10 Years on, Climate Economists Reflect on Stern Review

Q&A with Brian Kahn

Since the Stern Review’s publication, other economists have made estimates of what it would cost to address climate change, but the Stern Review still stands out as a seminal document similar to the Intergovernmental Panel on Climate Change reports on science.

With the 10-year anniversary coming up at the end of October, Climate Central reached out to a group of leading and up-and-coming climate economists dealing with the challenge of valuing climate action now and into the future. Their answers are below, lightly edited for clarity and brevity.

Brian Kahn, Climate Central: What’s the biggest leap that climate economics has made in the 10 years since the Stern Review?

Gernot Wagner: A recognition of how much we don’t yet know, in particular about the full impact of climate damages. Sadly, most everything we know about what we don’t know — or can’t yet quantify — would push the correct carbon price higher still, pushing the $40 ‘consensus’ number ever closer to the original Stern number and perhaps well above. It’s those unknowns and perhaps unknowables that put the “shock” into my book “Climate Shock.” It’s one thing to quantify what we know. It’s another to insure ourselves against the unknowns and unknowables.

Are you hopeful the world will address climate change in a cost effective, equitable way?

It’s too late to be pessimistic. Sadly, it’s also too late to be able to say that there won’t already be a lot of climate hurt baked in. Economists like to insist on the cost-effective solution, but beggars can’t be choosers. Bottom line: we need to do much more than we are currently doing. Globally, we are still subsidizing carbon emissions rather than pricing them properly. In the end, we also need to realize that climate policy demands a portfolio approach. That includes mitigation and adaptation. It also includes carbon dioxide removal, which has very similar properties to mitigation in the first place. Lastly, it includes research into solar geoengineering, clearly not as a substitute but as a complement to the first three.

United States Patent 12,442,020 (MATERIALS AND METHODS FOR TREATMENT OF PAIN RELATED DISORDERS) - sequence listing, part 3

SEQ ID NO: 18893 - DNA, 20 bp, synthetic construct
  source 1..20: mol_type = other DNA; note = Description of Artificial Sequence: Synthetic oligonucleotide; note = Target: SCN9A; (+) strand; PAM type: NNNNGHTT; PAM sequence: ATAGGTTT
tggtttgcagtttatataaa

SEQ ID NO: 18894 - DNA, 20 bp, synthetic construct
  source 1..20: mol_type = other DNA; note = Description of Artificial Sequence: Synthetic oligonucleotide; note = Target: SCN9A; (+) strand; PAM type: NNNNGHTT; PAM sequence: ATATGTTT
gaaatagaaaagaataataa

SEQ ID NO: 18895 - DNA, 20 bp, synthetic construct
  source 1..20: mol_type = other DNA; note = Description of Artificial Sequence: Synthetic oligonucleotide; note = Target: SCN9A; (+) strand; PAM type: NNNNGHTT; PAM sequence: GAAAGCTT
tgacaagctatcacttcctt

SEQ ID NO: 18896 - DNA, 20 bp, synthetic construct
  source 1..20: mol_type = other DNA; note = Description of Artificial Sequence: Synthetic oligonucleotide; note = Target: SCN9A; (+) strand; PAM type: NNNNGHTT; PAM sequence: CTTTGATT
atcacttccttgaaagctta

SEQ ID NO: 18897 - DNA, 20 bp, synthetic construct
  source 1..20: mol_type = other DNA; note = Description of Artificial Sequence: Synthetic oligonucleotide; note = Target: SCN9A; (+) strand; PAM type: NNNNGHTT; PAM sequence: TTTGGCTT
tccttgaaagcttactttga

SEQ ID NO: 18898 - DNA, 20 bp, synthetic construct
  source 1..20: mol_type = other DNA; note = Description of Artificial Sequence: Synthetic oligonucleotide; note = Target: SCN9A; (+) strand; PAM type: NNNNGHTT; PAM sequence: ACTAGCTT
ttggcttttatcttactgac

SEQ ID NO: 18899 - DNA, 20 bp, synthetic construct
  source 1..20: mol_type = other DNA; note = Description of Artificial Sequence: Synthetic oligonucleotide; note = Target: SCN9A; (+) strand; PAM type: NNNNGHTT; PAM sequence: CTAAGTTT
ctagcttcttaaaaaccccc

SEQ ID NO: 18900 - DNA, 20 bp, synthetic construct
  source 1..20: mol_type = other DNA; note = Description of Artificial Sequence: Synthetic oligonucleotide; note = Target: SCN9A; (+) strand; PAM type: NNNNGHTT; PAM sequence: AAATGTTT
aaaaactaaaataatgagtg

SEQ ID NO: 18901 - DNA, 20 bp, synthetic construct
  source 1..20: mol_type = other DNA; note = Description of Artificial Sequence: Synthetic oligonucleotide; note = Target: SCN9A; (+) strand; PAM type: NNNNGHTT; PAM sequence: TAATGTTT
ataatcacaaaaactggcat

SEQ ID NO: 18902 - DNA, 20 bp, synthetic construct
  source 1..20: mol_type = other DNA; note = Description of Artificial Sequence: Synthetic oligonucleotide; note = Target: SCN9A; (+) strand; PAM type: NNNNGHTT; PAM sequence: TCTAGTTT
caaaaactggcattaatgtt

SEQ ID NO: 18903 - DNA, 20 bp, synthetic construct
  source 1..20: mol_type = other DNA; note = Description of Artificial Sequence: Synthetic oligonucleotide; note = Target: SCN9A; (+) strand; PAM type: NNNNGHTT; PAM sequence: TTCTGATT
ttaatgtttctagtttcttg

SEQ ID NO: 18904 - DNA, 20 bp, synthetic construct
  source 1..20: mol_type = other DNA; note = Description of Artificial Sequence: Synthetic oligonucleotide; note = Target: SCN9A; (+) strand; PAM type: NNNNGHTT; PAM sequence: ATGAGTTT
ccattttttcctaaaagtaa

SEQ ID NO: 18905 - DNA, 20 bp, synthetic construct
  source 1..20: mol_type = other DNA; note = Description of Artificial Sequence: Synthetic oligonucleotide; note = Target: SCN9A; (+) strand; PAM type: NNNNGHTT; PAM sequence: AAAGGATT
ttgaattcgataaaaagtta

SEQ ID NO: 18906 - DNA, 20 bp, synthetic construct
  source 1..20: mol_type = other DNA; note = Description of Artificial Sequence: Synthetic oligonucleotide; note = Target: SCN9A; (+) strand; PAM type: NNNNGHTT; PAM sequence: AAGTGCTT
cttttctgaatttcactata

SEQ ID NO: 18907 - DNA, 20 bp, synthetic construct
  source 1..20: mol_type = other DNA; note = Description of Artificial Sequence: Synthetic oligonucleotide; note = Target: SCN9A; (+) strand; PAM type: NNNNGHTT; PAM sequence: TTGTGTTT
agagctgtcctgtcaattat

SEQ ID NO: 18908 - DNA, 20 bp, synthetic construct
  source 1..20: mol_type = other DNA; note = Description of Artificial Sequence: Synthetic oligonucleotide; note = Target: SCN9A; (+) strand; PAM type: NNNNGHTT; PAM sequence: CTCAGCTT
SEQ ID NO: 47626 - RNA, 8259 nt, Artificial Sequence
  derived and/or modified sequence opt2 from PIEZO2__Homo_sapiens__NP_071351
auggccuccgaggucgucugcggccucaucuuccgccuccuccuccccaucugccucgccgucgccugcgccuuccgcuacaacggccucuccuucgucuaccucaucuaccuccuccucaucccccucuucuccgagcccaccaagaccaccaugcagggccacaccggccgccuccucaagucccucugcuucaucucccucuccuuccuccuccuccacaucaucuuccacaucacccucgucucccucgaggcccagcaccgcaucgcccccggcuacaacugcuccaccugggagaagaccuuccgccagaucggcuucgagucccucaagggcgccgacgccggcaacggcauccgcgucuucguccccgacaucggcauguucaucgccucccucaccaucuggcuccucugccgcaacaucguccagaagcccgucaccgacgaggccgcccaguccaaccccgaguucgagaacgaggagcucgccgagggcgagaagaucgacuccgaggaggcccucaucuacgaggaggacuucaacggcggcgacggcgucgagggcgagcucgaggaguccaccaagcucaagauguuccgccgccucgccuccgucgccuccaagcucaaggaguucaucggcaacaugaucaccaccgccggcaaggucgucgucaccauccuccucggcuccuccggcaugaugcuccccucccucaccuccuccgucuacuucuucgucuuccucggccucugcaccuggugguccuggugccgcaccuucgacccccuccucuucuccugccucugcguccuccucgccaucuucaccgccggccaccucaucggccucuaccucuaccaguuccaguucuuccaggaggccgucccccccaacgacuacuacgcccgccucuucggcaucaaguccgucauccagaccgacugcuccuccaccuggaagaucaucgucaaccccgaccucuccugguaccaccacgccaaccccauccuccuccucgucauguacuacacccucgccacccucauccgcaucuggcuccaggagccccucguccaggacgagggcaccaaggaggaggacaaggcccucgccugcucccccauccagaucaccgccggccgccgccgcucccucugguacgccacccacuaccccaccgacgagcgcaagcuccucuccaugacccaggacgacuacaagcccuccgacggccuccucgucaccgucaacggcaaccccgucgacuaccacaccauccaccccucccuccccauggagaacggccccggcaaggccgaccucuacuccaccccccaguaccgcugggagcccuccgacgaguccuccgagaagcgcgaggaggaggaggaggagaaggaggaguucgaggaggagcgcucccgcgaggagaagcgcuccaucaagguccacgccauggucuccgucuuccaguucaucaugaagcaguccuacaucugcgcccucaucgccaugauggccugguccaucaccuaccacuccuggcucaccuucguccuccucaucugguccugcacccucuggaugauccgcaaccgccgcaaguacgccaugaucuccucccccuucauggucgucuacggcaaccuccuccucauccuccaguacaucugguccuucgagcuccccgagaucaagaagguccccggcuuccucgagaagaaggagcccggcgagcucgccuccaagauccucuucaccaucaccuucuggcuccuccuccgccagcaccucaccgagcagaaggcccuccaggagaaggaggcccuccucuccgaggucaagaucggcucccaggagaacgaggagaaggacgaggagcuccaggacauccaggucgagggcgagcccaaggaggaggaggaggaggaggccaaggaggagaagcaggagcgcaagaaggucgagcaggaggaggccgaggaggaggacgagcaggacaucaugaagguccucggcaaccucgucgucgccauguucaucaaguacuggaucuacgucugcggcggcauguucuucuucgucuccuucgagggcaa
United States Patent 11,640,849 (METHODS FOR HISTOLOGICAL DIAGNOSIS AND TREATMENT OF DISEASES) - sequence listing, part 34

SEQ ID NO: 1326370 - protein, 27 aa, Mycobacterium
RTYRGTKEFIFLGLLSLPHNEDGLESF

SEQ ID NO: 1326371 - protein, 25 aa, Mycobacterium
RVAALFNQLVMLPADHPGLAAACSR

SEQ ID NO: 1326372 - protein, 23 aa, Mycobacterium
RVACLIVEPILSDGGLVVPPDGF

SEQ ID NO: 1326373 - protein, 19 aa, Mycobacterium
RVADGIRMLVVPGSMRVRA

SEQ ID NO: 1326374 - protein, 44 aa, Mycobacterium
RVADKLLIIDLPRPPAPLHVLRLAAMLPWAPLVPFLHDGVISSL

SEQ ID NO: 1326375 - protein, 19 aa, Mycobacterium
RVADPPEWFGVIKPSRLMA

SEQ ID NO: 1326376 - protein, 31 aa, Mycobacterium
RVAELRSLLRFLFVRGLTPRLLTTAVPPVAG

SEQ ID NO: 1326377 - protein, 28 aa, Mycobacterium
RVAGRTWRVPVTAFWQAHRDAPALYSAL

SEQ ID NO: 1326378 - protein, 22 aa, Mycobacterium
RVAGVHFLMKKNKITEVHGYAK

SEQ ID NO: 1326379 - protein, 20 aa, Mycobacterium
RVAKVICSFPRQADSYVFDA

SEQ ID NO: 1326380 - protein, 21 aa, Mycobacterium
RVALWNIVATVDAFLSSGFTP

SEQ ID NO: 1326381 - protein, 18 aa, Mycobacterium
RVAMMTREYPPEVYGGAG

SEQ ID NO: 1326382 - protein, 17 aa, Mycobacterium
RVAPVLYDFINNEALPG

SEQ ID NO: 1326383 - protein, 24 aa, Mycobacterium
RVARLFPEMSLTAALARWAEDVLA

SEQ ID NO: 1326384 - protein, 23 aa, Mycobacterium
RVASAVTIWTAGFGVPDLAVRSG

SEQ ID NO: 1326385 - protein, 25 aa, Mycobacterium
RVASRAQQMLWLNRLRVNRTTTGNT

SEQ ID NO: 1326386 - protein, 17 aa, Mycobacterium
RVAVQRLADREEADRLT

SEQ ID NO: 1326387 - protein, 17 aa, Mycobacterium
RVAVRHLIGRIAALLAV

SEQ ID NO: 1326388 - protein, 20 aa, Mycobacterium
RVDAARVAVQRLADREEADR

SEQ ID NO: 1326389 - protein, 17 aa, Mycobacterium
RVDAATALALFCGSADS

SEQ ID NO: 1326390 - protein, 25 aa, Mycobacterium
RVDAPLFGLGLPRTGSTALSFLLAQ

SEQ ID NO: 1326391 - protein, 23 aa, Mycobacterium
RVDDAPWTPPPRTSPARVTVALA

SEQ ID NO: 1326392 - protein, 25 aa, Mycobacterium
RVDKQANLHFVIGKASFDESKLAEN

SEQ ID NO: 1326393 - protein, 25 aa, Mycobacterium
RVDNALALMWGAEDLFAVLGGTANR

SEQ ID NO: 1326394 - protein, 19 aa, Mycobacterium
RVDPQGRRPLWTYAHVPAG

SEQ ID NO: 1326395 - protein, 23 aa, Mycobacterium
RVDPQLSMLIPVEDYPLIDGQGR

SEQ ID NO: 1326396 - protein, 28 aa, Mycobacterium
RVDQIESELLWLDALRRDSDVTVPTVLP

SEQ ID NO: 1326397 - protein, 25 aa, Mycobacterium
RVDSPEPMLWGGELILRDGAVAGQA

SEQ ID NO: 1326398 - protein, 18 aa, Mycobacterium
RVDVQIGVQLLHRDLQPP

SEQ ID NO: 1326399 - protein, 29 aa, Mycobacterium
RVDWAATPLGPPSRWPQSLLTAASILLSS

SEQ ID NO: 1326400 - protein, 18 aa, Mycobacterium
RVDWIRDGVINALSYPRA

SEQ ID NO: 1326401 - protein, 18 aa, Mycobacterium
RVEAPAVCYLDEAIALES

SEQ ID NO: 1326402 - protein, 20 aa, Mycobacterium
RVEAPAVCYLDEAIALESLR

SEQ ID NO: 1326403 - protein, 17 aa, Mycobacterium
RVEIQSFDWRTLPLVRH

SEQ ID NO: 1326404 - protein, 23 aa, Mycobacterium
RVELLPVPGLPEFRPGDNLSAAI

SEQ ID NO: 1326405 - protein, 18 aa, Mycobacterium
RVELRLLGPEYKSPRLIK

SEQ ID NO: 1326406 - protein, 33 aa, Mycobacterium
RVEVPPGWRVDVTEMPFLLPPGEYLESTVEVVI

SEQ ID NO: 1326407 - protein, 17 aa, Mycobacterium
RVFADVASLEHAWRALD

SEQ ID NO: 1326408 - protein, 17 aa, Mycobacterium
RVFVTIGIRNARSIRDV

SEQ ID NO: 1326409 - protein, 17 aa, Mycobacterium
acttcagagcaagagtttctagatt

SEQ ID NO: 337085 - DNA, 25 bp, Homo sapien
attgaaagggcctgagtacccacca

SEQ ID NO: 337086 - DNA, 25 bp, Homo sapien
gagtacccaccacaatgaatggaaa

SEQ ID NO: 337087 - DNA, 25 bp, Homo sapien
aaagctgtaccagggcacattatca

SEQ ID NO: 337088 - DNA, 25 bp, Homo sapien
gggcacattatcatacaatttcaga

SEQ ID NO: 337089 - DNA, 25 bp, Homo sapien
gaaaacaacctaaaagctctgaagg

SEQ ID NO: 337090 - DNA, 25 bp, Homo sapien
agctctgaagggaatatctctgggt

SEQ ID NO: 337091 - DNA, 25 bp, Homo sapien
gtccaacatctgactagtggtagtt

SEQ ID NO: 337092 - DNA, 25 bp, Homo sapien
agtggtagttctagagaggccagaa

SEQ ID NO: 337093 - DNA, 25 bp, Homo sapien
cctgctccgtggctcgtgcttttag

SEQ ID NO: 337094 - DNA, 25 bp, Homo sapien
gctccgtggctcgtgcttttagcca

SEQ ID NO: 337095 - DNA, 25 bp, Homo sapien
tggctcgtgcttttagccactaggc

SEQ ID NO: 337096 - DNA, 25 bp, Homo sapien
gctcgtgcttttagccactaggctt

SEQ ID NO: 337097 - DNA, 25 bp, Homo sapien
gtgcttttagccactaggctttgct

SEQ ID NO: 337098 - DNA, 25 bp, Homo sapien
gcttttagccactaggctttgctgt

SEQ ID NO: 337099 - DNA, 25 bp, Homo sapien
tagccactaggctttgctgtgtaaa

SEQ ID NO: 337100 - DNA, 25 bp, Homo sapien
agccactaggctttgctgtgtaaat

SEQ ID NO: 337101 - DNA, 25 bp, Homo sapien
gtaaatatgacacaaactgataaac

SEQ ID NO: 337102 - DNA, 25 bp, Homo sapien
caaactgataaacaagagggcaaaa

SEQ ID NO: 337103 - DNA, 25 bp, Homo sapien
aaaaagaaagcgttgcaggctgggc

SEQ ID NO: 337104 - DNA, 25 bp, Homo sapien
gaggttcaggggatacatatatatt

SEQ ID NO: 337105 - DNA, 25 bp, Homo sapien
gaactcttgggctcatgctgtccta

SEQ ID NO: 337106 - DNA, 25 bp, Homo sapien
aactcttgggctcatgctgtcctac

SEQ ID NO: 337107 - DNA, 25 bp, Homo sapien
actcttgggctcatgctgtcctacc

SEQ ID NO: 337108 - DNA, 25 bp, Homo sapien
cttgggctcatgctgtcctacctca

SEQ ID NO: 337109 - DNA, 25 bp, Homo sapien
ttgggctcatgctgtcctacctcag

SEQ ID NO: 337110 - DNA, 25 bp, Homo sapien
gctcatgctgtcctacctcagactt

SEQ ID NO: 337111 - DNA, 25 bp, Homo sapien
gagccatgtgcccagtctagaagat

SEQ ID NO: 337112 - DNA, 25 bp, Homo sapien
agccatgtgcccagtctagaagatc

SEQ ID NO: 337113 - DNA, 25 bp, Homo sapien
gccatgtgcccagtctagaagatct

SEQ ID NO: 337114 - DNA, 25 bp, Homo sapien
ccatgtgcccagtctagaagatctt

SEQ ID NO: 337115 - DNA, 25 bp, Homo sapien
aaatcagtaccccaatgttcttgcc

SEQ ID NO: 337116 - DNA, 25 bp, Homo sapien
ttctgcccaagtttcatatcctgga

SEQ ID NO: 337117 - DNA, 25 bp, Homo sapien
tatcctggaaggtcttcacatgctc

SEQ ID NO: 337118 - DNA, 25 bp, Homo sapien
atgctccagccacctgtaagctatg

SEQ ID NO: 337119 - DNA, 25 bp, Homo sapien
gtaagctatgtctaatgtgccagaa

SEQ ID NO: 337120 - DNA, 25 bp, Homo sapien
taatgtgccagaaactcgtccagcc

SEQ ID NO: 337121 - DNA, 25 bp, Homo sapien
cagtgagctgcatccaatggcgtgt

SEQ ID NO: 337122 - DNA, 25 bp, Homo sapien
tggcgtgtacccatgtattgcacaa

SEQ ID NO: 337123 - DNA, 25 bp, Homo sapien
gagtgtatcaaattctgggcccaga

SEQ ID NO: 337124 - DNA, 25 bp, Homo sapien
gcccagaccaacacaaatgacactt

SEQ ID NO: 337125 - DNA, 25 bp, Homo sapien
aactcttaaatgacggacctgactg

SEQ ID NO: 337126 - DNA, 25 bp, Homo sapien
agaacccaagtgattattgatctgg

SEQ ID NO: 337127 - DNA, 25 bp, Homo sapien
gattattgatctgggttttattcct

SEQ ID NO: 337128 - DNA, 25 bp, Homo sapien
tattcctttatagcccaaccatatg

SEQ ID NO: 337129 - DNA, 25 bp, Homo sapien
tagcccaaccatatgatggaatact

Does stabilizing the climate at 450-550 ppm still seem feasible from an economic and/or scientific perspective?

Could we get there — technically and economically? Yes. Will we? That’s a different question. 450-550 ppm, of course, is a big range. Technically, 1.5°C might be achievable. Politically, it is not. So, aim for 1.5°C, but prepare for 2°-3°C or worse.

Climate Central post with answers from Delavane Diaz, Kate Gordon, Amir Jina, and Andrew Steer.

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